Brendan Rodgers may bemoan the luck of the draw. On the evidence of a harrowing evening for Celtic, facing a Paris Saint-Germain side determined to deliver a statement of intent to open the Champions League was always going to be an insurmountable challenge.
Some context for Rodgers and Celtic will arrive with what PSG do next. Celtic, though, need to banish this French canter from their minds in preparation for what has always looked a pivotal Group B fixture at Anderlecht in a fortnight. Here, European football’s haves brutally exposed the have-nots to the point where the points were secure by half-time.
PSG’s front three of Neymar, Edinson Cavani and Kylian Mbappé – anxious to announce themselves as collectively the best in Europe – helped themselves to goals. The final tally for the visitors just about explains an on and off-field gulf. Too many of Celtic’s players didn’t perform to their capabilities – there were shortcomings in defence and the failure to retain possession elsewhere – but PSG’s play was a joy to behold.
Celtic’s shortage of defensive options meant a start for the 18-year-old Anthony Ralston at right-back. This represented only his fifth appearance. For all this will inevitably lead to carping regarding the lack of depth of talent for an environment such as this, for Celtic to field an academy product in such a marquee fixture is in part testament to Rodgers’s fresh thinking. The simple move would have been to deploy a more experienced player but out of position. With Jozo Simunovic Celtic’s only fit and orthodox centre-half, Mikael Lustig stepped inside to allow Ralston his start. Who was in direct opposition to the teenager? Neymar. It can only get considerably easier from here.
If Champions League places were awarded on the basis of atmosphere and spectacle, Celtic needn’t have to fret about arduous qualifying ties year on year. The deafening, spine-tingling level of noise as Zadok the Priest arrived as the standard precursor to a Champions League tie made visitors from all corners sit up and take notice. Celtic’s supporters don’t demand annual participation at this level; they do, however, relish every single moment amongst Europe’s elite.
PSG’s opening to the game was hardly a shock, their domination of the ball forcing Celtic into a style completely removed from the Scottish domestic scene. In a back-handed tribute to Ralston, the French team’s joy doing those early exchanges generally came from the Celtic left. The hosts had to be more ruthless when afforded hope than was the case in the 10th minute, Olivier Ntcham shooting well wide from 25 yards when Patrick Roberts was in clear space to his right.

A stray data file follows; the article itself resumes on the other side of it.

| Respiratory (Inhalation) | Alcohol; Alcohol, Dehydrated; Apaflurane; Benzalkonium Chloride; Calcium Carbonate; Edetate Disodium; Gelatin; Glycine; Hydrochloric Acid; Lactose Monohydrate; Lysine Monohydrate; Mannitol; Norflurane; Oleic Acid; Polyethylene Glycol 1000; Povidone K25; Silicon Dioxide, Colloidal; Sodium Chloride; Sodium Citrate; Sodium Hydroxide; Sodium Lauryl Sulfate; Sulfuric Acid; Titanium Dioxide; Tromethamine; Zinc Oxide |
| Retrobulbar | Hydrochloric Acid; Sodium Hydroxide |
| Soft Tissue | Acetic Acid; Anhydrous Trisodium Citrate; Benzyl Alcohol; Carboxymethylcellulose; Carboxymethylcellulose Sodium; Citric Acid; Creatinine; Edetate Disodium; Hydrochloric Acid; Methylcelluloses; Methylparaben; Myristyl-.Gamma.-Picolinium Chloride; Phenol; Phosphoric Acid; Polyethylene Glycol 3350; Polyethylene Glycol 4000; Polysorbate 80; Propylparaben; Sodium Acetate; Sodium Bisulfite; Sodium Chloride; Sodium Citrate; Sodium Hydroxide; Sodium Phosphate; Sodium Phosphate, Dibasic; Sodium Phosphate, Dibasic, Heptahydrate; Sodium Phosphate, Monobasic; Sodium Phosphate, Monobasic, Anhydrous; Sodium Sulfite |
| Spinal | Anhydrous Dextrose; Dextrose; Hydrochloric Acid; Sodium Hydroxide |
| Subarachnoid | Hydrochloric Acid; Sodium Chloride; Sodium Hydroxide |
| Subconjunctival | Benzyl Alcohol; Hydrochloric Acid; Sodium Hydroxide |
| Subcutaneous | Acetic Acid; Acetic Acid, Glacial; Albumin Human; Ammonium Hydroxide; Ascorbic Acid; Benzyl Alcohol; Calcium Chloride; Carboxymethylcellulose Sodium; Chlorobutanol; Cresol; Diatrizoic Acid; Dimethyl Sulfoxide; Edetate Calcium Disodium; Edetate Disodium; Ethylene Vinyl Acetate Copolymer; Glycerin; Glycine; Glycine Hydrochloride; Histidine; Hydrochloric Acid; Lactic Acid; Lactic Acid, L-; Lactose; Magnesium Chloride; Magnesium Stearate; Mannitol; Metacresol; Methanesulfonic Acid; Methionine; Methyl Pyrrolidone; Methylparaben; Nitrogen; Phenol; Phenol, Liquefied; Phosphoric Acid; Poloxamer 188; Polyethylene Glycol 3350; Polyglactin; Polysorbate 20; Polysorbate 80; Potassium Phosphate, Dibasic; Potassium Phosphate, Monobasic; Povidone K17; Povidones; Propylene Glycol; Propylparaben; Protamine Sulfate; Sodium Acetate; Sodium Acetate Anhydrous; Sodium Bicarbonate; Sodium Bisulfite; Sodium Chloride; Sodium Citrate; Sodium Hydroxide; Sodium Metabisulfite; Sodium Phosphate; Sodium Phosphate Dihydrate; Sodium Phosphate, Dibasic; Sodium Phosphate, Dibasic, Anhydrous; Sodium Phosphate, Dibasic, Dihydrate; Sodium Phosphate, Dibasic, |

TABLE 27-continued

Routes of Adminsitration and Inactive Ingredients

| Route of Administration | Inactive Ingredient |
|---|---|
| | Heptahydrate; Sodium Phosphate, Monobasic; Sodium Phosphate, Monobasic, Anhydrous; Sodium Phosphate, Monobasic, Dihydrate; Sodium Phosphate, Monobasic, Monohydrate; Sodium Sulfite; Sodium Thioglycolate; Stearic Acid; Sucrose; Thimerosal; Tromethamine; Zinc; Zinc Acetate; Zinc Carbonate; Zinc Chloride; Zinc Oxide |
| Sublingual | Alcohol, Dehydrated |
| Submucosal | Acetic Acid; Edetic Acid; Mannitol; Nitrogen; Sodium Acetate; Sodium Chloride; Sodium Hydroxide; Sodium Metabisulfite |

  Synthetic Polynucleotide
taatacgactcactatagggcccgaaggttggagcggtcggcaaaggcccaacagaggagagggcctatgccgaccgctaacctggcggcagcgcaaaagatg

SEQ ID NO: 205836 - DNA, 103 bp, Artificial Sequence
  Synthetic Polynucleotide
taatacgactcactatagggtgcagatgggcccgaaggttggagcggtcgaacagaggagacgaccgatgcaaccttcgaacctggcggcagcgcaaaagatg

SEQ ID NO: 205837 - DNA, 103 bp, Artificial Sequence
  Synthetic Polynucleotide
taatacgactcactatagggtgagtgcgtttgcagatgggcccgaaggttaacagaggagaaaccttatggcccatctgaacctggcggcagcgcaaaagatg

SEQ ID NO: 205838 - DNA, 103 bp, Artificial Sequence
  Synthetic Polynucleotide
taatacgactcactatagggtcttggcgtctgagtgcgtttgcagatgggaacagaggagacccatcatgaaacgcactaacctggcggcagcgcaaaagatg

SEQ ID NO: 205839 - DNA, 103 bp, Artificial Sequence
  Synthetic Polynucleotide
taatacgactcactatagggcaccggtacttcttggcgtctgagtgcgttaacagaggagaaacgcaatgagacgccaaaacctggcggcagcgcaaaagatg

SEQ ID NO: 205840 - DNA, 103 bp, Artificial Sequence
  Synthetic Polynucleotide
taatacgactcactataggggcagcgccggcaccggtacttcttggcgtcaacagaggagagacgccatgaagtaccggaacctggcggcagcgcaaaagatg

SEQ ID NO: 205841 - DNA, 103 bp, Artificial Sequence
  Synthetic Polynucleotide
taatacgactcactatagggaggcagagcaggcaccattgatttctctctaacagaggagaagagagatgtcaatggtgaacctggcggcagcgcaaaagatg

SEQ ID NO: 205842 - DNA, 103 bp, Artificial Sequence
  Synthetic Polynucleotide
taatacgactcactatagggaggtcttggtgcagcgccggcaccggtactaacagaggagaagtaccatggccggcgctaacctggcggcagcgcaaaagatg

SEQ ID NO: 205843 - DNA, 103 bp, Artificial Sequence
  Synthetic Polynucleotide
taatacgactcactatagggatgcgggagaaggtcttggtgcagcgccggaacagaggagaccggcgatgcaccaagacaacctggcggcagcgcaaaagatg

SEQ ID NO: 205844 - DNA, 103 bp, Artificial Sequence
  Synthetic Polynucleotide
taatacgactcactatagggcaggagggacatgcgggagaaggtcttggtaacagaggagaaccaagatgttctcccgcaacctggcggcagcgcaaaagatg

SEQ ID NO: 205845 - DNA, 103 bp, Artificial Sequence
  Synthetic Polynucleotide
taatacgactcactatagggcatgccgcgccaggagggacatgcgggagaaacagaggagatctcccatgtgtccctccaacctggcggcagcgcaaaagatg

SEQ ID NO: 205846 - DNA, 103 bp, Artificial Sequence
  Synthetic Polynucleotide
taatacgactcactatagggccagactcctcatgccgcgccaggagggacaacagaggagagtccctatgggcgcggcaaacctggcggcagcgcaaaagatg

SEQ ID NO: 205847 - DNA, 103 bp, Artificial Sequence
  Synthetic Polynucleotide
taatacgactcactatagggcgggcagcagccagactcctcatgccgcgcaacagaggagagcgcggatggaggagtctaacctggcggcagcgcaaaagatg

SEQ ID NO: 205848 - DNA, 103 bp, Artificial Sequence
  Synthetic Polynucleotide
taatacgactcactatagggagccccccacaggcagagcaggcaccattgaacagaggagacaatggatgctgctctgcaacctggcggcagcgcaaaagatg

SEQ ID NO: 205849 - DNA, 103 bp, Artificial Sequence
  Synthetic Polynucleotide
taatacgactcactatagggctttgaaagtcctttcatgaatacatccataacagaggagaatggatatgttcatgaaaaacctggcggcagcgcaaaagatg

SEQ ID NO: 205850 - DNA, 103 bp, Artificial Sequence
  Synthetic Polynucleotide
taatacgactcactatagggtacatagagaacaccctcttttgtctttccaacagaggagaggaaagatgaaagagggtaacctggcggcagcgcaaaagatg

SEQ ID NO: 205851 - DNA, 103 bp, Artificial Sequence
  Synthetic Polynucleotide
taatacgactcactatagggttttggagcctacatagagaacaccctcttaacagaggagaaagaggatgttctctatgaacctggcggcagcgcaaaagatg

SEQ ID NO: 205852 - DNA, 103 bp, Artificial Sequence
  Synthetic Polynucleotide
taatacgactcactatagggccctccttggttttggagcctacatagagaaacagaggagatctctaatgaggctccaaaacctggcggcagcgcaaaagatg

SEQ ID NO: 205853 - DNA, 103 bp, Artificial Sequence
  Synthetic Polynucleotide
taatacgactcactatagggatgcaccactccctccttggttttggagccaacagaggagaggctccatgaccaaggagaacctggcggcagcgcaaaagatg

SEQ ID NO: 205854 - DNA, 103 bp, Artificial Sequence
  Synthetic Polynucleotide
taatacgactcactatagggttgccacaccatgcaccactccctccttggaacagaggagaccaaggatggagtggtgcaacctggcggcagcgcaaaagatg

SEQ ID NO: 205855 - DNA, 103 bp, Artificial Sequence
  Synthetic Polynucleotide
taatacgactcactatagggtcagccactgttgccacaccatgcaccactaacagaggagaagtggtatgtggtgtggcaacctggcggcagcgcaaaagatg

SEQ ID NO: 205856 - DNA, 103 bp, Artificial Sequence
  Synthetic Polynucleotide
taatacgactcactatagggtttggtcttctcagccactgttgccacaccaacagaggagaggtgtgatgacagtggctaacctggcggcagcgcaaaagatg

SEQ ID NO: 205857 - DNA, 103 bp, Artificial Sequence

PSG’s next meaningful attack resulted in the ball finding Craig Gordon’s net, with an assistant referee’s flag denying Cavani the opening goal after he met a low cross from Layvin Kurzawa. Cavani bared his teeth again moments later, Gordon this time the match for his half-volley.
The harsh comment at this juncture would be to suggest Celtic didn’t heed the warnings. They had what looked a perfectly legitimate shout for a foul on Scott Sinclair as PSG claimed midfield possession. As Celtic protested, PSG marauded forward. Adrien Rabiot found himself goal side of Ralston, with the midfielder feeding Neymar. The Brazilian, already a pantomime villain in these parts after spats in the recent past, only angered the Celtic support even more with his composed finish over the onrushing Gordon.
Celtic almost responded immediately by virtue of a weapon which Unai Emery, the PSG head coach, had identified before the match. Leigh Griffiths conjured up a wonderful free-kick from more than 30 yards out, with Alphonse Areola leaping to supply a save of identical quality.
PSG doubled their lead with a goal which involved each of their celebrated front three but in wholly unorthodox style. Neymar was unselfish in heading Marco Verratti’s cross back towards Cavani, who promptly took a fresh-air swipe at the ball. The No9 was spared ignominy by Mbappé at the far post.
Cavani notched No3 from the penalty spot, five minutes before the break, after Simunovic pulled the same player’s shirt. PSG’s canter was all too much for one punter in a green scarf, who raced on to the pitch as Celtic were about to kick off before trying to kick Mbappé. Summing up the Celtic night thus far, he missed.
Celtic began the second half in bullish mood, a matter which had a positive impact on stadium atmosphere. And still, unfazed, PSG defended as if barely troubled while attacking at will. In Rabiot, they had a performer arguably more impressive than the forwards who will inevitably claim widespread attention. Rabiot’s removal shortly after the hour mark could have been described as an act of generosity, were his replacement not Julian Draxler. Neymar spurned a glorious opportunity for No4 after 70 minutes.
Draxler triggered panic in the Celtic goal area with a cross, Lustig’s deflection succeeding where Neymar could not. Cavani promptly headed in a fifth from a seemingly impossible angle. Celtic are rarely routed at home; it will be of little comfort that the instigators look the real deal.
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